This week I was obsessed with watching a Let’s Play of the new game Detroit: Become Human. It takes place in the near future when very human androids are normal. Tensions between humans and androids begins to build as more and more androids become “deviant”, meaning they have essentially gained free will.
The Youtuber added his own commentary (which is half of the fun of watching a Let’s Play in the first place so I’m all for it). There were a lot of parallels between the androids’ plight and the Civil Rights movement… obviously. I’m not sure how the game designers would have NOT done that. It was a revolution, androids with free will asking for the right to live among humans. But every time there was a symbol or a quote that sparked even the hint of a deeper thought, the Youtuber would act like this was some incredible knowledge that he was lucky to notice.
Honestly, the symbolism in that game is about as subtle as a brick to the face. I really enjoyed watching it and I’ve enjoyed seeing how differently the game can turn out, but I was completely uninterested in the reiteration of extremely obvious plot points.
That got me thinking about how often someone reiterates information or simply states the obvious, as if you didn’t know.
It can happen at work when someone tells you how to do your job that you’ve been doing for a couple years now. It can happen on the road when your passenger tells you about a stop sign that you are literally already slowing down for. It can happen when you’re doing yard work and your friend is telling you the process for pulling up weeds when it is not rocket science and you can pull up a stupid weed without a fifteen minute explanation.
It can, and does, happen all the time and everywhere. Other people do it to you and you do it to other people. I’ve for sure been on both sides.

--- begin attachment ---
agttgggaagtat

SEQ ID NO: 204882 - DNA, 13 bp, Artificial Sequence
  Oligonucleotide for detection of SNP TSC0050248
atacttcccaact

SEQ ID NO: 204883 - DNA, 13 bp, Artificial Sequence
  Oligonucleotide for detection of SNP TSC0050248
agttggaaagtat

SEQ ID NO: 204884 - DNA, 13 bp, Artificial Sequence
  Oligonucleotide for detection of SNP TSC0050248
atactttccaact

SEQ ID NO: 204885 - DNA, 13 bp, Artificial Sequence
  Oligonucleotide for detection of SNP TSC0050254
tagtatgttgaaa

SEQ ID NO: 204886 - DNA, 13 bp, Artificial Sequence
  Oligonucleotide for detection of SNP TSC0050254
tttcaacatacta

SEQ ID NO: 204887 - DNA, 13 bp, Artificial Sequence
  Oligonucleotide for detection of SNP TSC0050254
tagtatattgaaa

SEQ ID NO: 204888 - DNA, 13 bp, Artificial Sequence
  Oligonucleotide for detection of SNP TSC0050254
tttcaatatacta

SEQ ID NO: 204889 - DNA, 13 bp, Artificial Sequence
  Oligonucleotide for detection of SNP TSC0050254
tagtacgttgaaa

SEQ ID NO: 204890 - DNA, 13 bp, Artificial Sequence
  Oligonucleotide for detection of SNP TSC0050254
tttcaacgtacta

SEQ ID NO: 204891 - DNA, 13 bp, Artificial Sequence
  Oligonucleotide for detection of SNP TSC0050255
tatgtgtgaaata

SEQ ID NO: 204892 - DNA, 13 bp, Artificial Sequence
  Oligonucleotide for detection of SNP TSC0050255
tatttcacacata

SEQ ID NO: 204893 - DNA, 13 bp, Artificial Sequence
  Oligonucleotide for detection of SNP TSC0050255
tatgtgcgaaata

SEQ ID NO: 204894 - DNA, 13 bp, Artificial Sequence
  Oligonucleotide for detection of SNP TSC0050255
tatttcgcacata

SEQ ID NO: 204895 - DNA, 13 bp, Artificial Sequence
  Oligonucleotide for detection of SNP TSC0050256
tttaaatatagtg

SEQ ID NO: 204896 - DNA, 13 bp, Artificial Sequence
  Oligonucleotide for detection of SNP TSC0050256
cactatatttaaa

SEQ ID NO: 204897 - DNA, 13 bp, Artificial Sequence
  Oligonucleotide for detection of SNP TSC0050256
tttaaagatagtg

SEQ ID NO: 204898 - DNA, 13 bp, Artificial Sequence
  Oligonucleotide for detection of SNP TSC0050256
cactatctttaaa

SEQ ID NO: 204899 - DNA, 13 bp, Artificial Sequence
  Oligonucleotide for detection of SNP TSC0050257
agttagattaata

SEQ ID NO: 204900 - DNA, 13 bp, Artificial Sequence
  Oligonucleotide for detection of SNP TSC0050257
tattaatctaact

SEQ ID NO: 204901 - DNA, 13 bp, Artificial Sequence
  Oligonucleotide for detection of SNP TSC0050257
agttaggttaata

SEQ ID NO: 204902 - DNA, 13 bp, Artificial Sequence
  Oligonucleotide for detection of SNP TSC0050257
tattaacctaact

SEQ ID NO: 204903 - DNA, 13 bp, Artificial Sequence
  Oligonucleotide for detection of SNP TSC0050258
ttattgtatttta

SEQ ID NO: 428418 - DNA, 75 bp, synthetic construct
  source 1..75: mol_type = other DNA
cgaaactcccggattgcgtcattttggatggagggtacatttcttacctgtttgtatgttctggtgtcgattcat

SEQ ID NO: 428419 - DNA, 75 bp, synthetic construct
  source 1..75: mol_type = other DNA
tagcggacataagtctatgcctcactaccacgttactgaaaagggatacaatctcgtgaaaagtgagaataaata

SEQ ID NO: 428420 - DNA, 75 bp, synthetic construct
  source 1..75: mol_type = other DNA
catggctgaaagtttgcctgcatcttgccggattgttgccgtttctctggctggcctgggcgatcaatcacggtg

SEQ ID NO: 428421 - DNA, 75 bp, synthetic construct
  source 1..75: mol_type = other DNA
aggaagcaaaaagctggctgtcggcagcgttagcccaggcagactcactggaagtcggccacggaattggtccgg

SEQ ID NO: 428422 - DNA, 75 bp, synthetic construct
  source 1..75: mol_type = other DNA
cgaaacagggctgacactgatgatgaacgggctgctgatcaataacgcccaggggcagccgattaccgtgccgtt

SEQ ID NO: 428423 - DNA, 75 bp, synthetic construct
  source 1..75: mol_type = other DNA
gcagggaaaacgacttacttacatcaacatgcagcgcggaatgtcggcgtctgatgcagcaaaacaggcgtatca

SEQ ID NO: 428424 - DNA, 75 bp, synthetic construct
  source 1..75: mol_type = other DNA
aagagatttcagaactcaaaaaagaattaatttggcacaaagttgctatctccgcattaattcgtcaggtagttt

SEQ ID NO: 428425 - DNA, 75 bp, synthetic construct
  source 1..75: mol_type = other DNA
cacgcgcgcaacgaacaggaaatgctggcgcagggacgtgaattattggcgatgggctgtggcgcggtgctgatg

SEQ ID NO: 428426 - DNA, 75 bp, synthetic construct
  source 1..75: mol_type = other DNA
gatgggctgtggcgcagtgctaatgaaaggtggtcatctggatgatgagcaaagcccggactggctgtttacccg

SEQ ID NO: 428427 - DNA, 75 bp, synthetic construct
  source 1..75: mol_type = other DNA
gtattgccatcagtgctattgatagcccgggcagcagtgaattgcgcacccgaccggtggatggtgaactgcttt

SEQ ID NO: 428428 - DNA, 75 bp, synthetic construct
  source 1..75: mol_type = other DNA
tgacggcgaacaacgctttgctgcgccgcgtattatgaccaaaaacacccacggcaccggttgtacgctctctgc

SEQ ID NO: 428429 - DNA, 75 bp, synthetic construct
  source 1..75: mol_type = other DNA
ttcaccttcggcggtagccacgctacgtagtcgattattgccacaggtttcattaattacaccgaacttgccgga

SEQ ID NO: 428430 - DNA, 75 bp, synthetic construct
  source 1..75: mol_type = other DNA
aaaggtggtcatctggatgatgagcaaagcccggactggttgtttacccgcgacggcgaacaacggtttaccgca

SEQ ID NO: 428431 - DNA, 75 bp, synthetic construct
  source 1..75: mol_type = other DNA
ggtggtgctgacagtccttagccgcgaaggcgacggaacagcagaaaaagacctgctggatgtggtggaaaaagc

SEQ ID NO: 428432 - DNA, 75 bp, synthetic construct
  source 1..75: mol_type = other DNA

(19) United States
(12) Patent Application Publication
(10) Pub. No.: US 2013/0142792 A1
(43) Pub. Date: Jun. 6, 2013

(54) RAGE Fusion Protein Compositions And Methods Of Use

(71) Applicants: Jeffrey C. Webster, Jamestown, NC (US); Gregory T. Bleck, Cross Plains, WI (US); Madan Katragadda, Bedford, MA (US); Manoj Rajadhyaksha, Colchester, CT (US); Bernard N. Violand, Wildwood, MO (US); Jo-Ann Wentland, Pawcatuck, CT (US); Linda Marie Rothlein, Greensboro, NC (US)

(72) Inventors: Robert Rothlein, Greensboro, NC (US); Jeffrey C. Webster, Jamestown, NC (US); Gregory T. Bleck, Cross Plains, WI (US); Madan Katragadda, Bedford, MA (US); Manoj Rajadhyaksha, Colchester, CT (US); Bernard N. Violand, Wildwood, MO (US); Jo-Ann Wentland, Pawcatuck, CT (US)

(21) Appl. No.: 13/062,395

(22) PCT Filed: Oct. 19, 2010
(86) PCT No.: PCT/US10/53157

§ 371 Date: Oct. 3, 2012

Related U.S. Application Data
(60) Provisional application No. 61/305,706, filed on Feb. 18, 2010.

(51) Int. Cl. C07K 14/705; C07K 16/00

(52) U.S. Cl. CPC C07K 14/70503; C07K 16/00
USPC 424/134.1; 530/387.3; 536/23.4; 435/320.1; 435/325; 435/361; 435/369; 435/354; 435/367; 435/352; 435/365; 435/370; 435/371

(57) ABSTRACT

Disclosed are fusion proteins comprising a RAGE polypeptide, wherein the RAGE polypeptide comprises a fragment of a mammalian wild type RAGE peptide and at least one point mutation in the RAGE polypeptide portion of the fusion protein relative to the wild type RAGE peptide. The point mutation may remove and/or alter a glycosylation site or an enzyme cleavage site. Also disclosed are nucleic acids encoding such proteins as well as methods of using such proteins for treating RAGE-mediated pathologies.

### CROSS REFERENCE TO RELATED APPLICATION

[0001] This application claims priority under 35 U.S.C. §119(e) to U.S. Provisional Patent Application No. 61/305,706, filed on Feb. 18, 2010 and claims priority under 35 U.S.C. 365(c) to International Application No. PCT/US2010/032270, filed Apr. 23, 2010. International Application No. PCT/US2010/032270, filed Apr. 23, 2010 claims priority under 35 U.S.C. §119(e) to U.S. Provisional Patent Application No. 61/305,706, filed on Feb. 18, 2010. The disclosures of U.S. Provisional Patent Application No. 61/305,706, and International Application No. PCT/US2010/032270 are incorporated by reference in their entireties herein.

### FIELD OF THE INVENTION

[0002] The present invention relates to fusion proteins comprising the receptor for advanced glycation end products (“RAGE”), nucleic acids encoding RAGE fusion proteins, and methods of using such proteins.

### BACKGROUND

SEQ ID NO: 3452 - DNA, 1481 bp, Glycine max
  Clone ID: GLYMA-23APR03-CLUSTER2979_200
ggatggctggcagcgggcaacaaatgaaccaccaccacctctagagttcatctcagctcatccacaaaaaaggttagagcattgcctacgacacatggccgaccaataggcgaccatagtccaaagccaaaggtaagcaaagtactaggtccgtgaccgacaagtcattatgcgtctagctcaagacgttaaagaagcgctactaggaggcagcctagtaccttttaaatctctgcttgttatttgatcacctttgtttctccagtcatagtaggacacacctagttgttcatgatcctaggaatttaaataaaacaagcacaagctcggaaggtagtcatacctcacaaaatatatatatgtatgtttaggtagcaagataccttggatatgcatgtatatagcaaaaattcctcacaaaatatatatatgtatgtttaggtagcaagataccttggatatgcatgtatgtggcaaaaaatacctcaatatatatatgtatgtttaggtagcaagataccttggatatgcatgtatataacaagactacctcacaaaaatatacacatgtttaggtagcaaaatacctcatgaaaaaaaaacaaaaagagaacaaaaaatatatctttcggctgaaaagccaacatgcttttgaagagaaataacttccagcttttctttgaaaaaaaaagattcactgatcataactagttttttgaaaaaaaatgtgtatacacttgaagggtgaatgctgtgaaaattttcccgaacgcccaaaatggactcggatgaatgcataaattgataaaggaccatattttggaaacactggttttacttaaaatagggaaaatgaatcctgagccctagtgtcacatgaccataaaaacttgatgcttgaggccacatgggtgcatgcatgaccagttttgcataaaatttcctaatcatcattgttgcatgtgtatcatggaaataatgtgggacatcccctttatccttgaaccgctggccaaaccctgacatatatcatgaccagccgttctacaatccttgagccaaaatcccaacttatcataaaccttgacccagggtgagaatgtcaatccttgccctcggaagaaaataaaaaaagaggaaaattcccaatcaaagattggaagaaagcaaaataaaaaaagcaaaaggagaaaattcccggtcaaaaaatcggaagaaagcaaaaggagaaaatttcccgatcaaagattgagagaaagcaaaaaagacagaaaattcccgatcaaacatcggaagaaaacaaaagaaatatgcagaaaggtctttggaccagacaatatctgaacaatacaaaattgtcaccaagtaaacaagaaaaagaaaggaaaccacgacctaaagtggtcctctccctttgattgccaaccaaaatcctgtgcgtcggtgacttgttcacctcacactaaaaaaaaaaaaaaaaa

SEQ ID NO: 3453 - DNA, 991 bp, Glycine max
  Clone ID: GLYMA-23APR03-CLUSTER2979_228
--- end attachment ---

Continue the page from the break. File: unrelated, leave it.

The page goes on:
Here’s the thing though, you don’t know what’s going on in someone else’s mind. Maybe they know the information, maybe they don’t. You can’t know until they demonstrate the knowledge in some tangible way or tell you that they know. And by the time they have to tell you, it’s probably in a very exasperated, “I KNOOOW!”
For the Youtuber, I had to remind myself that he did not go to school to learn the ins and outs of storytelling. He is not bored of picking up on not-so-subtle symbolism. He has lived a completely different life (in a completely different country, no less). He has not experienced the same things I have. He is sharing HIS thoughts and HIS opinions and HIS insights. Just because they are not insights to me, doesn’t invalidate his experience with the game.
My manager repeating to me how to perform a very basic task at my job is not her telling me I am an idiot. Maybe it’s been a while since this task has been done. Maybe she had to give herself a refresher on it and wants to do the same for me before I have to ask.
Maybe your friend has learned a new technique for pulling weeds. Maybe they have never seen you do yard work and they don’t want you to feel stupid for having to ask, so they’re just throwing information out upfront. Maybe the passenger in your car has run stop signs in the past and doesn’t want you to get a ticket. Maybe that stop sign is easy to miss and they’re trying to not die.
Unless someone has done it repeatedly over time, I’d say let it slide. It’s easy to get annoyed. But most people are not repeating information to anger or upset you. They don’t think you’re a moron who needs to be micromanaged. Mostly, they’re just trying to be helpful. Remember, they can’t know you know until you show or tell them. Try not to make everything more difficult by getting mad about it.